Mudflap is a character who believes in second chances. Doesn't mean he deserves one, though.
Mudflap long ago earned the reputation as one of the most vicious of the Decepticons, known for turning his molecule-edge saw on weakened or disabled Autobot warriors.
Little does anyone suspect, however, but his cruelty arises from his own conflicted feelings about the war. For ages, he has doubted the Decepticon cause, and secretly yearned to join the Autobots. His reputation is so monstrous that Optimus Prime would never trust him, and so he is condemned to continue serving Megatron, and taking out his frustrations on his captives.
Mudflap is a repaint of Mudflap. Well, let's clear that up: this version of Mudflap, who comes from the movie continuity, is a repaint of an earlier Mudflap, from the Cybertron cartoon. They wanted to call the new one "Sawtooth," but it wasn't available, so they just stuck with what worked before. Why couldn't he be named Hook, Hauler, Hightower, or anything along those lines? Maybe those names are taken, and we'll be seeing some Constructicons in the sequel. A girl can dream!
Mudflap turns into a large crane truck, measuring 9¼" long and featuring 12 rolling wheels. Ironically, no mudflaps. The crane arm can raise, swivel, and extend to a maximum length of 11" inches, just like our own Poe Ghostal. The paint apps are good, with even the wires sculpted
on the crane getting their own paint app. It seems as though the crane was designed to "rest" in a notch on the roof over the passenger's side of the cab, but it doesn't truly fit in there properly.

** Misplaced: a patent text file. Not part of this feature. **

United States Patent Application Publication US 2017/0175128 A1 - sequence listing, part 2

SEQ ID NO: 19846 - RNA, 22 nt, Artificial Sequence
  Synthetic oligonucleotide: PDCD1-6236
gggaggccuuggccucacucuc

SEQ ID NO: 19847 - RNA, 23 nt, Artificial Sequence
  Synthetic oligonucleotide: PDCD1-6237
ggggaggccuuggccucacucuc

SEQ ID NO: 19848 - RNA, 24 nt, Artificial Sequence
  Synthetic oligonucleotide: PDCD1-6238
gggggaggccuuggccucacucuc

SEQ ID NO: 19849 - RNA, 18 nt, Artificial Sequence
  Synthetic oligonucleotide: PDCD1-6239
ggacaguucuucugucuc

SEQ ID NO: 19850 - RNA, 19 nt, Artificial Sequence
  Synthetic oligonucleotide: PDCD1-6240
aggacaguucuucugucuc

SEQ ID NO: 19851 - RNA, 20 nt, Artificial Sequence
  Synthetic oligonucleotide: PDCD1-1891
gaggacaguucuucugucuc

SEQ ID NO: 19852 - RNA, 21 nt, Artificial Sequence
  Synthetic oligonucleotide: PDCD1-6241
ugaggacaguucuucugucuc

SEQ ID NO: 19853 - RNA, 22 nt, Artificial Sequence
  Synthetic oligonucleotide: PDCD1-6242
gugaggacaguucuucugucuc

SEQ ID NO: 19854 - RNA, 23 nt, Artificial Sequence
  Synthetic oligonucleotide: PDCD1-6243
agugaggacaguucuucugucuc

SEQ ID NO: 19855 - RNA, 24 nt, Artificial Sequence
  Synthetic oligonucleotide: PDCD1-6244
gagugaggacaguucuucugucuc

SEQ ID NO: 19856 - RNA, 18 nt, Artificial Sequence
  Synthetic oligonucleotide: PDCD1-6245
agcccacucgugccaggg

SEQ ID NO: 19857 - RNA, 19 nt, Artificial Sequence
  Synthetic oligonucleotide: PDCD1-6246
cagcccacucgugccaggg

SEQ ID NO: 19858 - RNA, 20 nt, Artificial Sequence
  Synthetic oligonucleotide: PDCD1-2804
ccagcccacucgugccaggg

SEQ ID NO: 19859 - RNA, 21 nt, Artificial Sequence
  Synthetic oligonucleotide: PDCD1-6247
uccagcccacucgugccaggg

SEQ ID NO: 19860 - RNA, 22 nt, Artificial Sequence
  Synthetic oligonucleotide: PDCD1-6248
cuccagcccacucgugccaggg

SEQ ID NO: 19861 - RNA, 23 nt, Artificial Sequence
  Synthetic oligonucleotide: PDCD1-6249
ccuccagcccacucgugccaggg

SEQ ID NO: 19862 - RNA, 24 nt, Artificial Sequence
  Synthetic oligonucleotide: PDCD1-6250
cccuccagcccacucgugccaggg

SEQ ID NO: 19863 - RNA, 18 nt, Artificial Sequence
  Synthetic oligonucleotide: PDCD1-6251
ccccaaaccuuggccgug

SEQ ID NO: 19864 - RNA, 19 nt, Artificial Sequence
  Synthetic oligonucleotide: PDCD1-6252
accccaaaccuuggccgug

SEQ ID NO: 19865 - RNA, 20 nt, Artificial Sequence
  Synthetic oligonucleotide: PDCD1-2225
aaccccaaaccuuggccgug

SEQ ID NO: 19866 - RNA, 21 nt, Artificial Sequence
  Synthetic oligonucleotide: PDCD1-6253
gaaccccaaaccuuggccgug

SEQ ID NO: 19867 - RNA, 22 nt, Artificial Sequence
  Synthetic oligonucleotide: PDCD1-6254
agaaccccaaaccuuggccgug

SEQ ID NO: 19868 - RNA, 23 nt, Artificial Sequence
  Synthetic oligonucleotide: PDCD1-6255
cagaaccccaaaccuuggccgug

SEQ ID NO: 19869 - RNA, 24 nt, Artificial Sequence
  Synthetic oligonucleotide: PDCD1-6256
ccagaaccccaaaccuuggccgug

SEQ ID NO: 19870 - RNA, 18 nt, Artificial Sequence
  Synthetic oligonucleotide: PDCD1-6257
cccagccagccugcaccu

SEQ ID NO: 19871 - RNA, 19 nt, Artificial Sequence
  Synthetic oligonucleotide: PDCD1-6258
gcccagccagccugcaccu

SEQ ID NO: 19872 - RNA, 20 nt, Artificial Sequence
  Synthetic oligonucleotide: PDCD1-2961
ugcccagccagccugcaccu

Mudflap has the same instructions as the previous version, of course, and there's no escaping that typical Cybertron design aesthetic. Put him in whatever movie-styled package you want, craft any new bio, but the fact remains that when you look at him, you see a different visual sensibility that doesn't meld.
Mudflap doesn't have any of the exposed internal workings,
"broken" silhouette or vaguely animalistic features which defined the movie TFs. He's all straight lines and solids, a blocky body with minimal detailing. He's like a cartoon in the real world, or a single Jack Kirby panel in a book full of Jim Lee art. If you like that sort of look, fine; just don't expect him to stand with Starscream and Megatron. Plus, he's fairly kibble-heavy, with the crane's cabs just hanging off his forearms.
Mudflap has two key-activated features, since that was the gimmick of the Cybertron line. On his right arm, the key releases a rocket launcher, while on his left, he gets a ridiculously long blade.
Seriously, it's asinine; it adds another 4" to the crane arm's existing 11", and it all dangles off his elbow. Good thing his feet are so big and sturdy. In addition to severely unbalancing the toy, neither feature works flawlessly: the spring which flips the launcher forward is too weak to hold it in place, so it points limply at the ground; the sawblade, meanwhile, is made from a soft plastic too weak to resist the tension of its own spring, meaning it's permanently bent by the time it ships across the sea from China. Yay.
Mudflap's color scheme is the best thing he has going for him:
yellow, silver and white, he really does look like a real piece of construction equipment. Yes, green and purple would have been a more popular choice, but it's not realistic enough to fit with in the movie-verse. As it is, he's still an homage to a G1 character: the yellow and white apps come from an obscure little guy called Erector (go ahead, get your giggles out of the way), a Micromaster crane. Sure, Erector was an Autobot, but let's not quibble.
Mudflap (the Cybertron version) was the worst shelfwarmer of his line, clogging aisles wherever you went. Why didn't he sell? Who can ever say why a pegwarmer... warms pegs? It's a mystery. If these things were predictable, toy companies wouldn't make as many of the soon-to-be-unpopular figure. Maybe kids, parents and collectors alike could somehow sense how crappy Mudflap was going to be, and wisely left him behind. This movie repaint doesn't correct any of the old problems, and you'll be better off not buying him.